The Best Use for Zucchini (Other Than Bread)

As we tumble towards the end of the growing season, and your garden or produce box is overflowing with outsized zucchini, the best thing you can do for yourself is begin to think about making some relish. This one is packed with sweet, vinegary, spicy flavor, and is delicious piled onto just about any sandwich or roasted meat you’re serving up this summer. And don’t feel limited to zucchini. You can turn nearly any vegetable into relish.

A food processor makes quick work of breaking down the zucchini, bell peppers, and onion. But if you don’t have one, you can use your box grater (I actually find grating veggies to be quite meditative).

* New to canning? We’ve got a helpful beginner’s guide

End-of-Season Zucchini and Green Pepper Relish


  • 3 pounds

    zucchini (if it’s a truly giant one, remove the woody seeds)

  • 1 1/2 pounds

    green peppers, seeded

  • 1

    medium yellow onion, halved

  • 2 1/2 cups

    apple cider vinegar

  • 1 cup

    brown sugar

  • 1 tablespoon

    mustard seeds

  • 1 tablespoon

    sea salt

  • 1/2 teaspoon

    red chili flakes

  • 1

    lemon, zested and juiced


  1. Arrange 4 empty regular mouth pint jars in a canning pot or a 12-quart stock pot fitted with a round cake cooling rack. Fill the pot with enough water to cover the jars. Place a lid on the pot and bring it to a boil. Wash the lids and rings in warm, soapy water and set aside.

  2. Fit a food processor with a grating blade and use it to break down the zucchini, green peppers, and onion. If you don’t have a food processor, pull out your trusty box grater and get to work.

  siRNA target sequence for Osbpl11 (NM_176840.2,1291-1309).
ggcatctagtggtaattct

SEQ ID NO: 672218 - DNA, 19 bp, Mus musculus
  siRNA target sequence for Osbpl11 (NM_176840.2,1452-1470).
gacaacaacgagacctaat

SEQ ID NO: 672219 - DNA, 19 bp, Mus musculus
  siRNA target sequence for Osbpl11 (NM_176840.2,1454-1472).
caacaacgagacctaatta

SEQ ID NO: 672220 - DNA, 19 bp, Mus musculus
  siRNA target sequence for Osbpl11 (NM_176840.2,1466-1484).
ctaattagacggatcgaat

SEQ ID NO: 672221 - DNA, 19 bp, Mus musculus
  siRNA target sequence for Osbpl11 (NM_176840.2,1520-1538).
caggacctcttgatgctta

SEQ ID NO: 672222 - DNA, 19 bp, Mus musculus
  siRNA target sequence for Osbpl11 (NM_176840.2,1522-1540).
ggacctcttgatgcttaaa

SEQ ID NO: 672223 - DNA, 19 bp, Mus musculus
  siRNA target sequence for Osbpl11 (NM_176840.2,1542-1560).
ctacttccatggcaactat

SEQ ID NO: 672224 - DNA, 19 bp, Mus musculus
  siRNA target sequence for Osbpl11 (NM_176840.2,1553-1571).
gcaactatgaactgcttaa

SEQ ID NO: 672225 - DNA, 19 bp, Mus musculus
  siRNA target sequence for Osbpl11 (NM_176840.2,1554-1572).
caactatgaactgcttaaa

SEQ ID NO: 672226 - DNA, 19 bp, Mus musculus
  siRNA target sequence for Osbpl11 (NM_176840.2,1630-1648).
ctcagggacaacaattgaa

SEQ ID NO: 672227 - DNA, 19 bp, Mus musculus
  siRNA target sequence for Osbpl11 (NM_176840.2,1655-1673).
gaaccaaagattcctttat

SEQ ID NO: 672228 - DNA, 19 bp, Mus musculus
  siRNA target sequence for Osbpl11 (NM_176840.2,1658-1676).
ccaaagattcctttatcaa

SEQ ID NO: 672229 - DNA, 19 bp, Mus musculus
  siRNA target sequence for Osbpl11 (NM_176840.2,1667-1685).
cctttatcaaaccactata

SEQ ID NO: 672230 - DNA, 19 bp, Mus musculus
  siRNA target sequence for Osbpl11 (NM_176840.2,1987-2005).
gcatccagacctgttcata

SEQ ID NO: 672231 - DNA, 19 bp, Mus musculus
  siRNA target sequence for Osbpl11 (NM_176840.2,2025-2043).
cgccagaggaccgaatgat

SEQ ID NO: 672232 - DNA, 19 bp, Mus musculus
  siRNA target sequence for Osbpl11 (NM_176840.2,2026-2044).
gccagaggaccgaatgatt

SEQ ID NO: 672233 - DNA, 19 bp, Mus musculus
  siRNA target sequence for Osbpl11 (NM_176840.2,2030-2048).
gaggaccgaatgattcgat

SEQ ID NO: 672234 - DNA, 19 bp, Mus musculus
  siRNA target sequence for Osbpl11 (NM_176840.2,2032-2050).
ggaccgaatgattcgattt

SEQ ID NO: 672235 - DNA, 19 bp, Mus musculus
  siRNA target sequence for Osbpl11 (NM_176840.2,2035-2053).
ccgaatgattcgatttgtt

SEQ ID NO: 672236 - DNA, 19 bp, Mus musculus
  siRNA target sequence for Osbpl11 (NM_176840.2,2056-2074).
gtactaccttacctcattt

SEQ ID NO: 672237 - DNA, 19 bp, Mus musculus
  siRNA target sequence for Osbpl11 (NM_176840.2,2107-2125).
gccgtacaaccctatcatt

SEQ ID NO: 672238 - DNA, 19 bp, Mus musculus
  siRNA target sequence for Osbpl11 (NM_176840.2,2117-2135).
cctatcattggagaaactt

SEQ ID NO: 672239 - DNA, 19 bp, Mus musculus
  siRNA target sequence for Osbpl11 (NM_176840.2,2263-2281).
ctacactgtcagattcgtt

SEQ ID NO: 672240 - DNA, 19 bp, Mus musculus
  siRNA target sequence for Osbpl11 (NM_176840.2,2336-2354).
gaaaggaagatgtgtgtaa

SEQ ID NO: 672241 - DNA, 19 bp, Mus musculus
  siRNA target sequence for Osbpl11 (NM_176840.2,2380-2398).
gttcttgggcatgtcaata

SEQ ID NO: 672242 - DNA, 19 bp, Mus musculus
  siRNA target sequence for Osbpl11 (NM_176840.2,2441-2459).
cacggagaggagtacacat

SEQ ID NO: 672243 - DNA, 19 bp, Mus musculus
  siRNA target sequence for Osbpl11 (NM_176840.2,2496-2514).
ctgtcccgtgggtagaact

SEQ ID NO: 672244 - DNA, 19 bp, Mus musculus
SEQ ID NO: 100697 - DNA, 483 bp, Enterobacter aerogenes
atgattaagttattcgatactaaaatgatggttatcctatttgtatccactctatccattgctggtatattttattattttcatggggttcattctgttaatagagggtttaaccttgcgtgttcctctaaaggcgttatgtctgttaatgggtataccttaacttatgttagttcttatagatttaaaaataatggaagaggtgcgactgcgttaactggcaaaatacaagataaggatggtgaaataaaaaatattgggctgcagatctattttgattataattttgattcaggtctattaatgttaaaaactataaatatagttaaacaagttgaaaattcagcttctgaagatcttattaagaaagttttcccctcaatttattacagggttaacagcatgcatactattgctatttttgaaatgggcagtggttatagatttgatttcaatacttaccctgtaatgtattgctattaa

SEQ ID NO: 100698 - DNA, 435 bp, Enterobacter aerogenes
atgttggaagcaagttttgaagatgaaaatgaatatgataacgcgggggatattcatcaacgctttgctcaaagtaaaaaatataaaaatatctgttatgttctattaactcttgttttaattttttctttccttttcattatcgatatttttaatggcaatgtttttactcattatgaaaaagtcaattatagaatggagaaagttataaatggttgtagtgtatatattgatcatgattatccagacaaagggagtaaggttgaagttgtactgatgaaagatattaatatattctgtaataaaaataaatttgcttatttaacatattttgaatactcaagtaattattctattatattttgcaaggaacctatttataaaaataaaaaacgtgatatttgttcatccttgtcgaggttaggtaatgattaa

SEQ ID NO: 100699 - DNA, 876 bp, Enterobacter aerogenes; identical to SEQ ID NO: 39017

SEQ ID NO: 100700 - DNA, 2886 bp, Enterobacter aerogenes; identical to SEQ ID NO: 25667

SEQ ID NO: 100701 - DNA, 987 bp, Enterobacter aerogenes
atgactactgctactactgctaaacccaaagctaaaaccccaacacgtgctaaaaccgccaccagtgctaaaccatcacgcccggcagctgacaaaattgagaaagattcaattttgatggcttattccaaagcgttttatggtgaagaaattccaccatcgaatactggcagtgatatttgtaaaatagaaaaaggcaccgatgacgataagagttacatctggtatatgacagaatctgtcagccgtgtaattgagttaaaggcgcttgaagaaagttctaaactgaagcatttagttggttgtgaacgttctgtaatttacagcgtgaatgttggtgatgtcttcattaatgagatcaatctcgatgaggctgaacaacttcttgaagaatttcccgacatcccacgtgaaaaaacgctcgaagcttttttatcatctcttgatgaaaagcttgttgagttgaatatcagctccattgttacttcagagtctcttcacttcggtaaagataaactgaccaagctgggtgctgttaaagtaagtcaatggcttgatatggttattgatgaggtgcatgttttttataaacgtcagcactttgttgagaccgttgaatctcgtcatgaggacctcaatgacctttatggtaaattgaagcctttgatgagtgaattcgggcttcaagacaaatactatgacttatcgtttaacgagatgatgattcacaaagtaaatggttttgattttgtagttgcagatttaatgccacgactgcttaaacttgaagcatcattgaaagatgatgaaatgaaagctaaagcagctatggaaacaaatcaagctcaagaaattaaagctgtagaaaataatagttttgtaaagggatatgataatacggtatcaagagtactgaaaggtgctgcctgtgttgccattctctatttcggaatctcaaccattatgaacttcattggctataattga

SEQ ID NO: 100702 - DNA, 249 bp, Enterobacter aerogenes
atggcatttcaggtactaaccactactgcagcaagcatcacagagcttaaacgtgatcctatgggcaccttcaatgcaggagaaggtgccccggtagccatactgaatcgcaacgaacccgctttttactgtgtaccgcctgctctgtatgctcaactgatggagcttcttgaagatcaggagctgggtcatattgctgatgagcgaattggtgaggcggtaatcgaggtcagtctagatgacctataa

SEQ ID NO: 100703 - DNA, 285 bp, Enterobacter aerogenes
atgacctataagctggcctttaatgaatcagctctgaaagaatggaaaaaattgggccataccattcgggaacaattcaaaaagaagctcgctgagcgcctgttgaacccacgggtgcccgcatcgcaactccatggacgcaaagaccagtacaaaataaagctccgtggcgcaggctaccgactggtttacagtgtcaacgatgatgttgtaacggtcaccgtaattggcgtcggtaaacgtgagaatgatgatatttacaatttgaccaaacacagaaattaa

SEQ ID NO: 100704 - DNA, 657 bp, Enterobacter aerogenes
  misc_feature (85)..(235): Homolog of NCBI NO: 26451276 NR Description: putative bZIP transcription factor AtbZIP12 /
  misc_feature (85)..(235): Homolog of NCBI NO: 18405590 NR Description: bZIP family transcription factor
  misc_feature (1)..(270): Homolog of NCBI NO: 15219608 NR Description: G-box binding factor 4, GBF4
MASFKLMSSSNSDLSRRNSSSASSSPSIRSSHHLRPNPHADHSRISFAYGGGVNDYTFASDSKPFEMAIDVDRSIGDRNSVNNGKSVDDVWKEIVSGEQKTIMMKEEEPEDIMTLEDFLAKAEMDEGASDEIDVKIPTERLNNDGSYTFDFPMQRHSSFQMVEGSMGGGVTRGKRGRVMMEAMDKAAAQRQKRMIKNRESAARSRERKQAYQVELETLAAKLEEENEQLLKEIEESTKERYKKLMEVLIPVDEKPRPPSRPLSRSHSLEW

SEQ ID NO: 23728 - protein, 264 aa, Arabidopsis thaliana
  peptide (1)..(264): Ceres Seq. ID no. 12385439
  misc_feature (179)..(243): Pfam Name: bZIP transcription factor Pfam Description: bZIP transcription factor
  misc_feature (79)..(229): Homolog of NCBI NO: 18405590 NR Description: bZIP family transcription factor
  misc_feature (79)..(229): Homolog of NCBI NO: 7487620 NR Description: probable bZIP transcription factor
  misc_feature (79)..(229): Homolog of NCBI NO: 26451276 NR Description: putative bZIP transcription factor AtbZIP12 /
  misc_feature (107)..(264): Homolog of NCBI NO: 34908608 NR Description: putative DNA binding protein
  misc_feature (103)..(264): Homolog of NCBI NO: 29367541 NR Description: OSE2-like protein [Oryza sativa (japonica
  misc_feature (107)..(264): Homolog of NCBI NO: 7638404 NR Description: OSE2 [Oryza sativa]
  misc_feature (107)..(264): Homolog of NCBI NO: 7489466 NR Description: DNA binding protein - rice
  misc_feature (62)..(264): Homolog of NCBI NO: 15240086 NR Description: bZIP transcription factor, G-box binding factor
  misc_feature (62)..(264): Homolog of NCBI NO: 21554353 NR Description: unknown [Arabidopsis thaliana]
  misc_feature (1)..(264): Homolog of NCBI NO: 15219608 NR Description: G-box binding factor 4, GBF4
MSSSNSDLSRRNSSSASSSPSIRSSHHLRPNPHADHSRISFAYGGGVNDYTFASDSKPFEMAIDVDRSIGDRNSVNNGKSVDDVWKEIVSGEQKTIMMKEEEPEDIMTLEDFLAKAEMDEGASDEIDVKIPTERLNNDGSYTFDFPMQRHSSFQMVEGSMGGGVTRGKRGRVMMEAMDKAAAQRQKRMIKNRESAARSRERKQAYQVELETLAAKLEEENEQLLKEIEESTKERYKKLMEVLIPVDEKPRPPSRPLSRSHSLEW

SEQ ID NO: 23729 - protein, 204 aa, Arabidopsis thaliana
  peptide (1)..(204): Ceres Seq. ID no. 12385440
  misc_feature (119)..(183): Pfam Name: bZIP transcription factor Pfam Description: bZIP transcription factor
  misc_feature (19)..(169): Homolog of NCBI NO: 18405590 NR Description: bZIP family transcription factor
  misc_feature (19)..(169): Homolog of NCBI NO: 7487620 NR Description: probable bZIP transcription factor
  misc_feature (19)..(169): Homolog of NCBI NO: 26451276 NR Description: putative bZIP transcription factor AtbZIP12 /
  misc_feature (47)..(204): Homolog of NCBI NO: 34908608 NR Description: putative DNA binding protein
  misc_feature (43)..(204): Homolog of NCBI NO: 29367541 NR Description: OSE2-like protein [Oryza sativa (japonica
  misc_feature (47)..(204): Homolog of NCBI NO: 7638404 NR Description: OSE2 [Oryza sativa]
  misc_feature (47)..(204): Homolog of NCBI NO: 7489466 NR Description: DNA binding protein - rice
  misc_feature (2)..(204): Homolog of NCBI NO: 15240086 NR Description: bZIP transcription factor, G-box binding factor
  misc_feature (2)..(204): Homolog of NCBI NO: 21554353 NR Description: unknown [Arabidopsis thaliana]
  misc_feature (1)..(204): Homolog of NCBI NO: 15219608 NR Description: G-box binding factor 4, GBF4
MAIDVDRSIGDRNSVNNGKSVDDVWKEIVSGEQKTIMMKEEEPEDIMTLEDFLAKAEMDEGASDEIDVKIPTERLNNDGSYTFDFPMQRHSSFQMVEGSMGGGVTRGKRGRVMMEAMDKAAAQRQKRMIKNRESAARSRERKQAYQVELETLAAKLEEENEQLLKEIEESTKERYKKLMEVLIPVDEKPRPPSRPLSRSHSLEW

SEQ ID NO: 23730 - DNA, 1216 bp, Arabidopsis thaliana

3. Combine the zucchini, pepper, and onion shreds with the vinegar, brown sugar, mustard seeds, salt, and red chili flakes in a large pot and bring to a boil.

  4. Cook the relish at a boil until the liquid has reduced some, 2 to 3 minutes. Add the lemon zest and juice and stir to combine.

  5. Remove relish from the heat and, using a wide-mouth funnel, funnel it into prepared jars, leaving approximately 1/2 inch headspace. After all the jars are full, use a wooden chopstick to work the air bubbles out of the jars.

  6. Wipe the rims, apply the lids and rings, and lower the filled jars into the canning pot and make sure that they are covered with only about an inch of water. If you need to remove some water from the pot, use a heatproof measuring cup. Once the pot has returned to a rolling boil, start your timer for 10 minutes. This proces sterilizes the jars and contents, and it forces the air out of the jars, creating a situation in which the jars will form a vacuum seal once out of the water.

  7. When time is up, remove jars from canner and place them on a folded kitchen towel to cool. When the jars have cooled enough that you can comfortably handle them, check the seals by removing the rings, grasping the jar by the edge of the lid and gently lifting it an inch or two off the countertop. If the lid holds fast, the seal is good. Sealed jars can be stored at room temperature for up to a year. Any unsealed jars should be refrigerated and used promptly.

Weeknight Preserving is your beginner’s guide to preserving the best of the season even if you have a small kitchen or a couple hours on a weeknight. We asked Marisa McClellan of Food in Jars for a true beginner’s guide to preserving, from pickles to jams to freezing to fermenting. You (yes you!) can make a pickle or a jam to be proud of this summer. Share your preserving triumphs with us by tagging #thekitchn on Instagram.

Wondering what to do with the pickles you’ve made? Check out Marisa’s latest book, The Food in Jars Kitchen. It contains over 100 recipes to help you cook, bake, transform, and share your homemade preserves!

Follow Marisa on Facebook, Instagram, and by visiting her website Food inJars.

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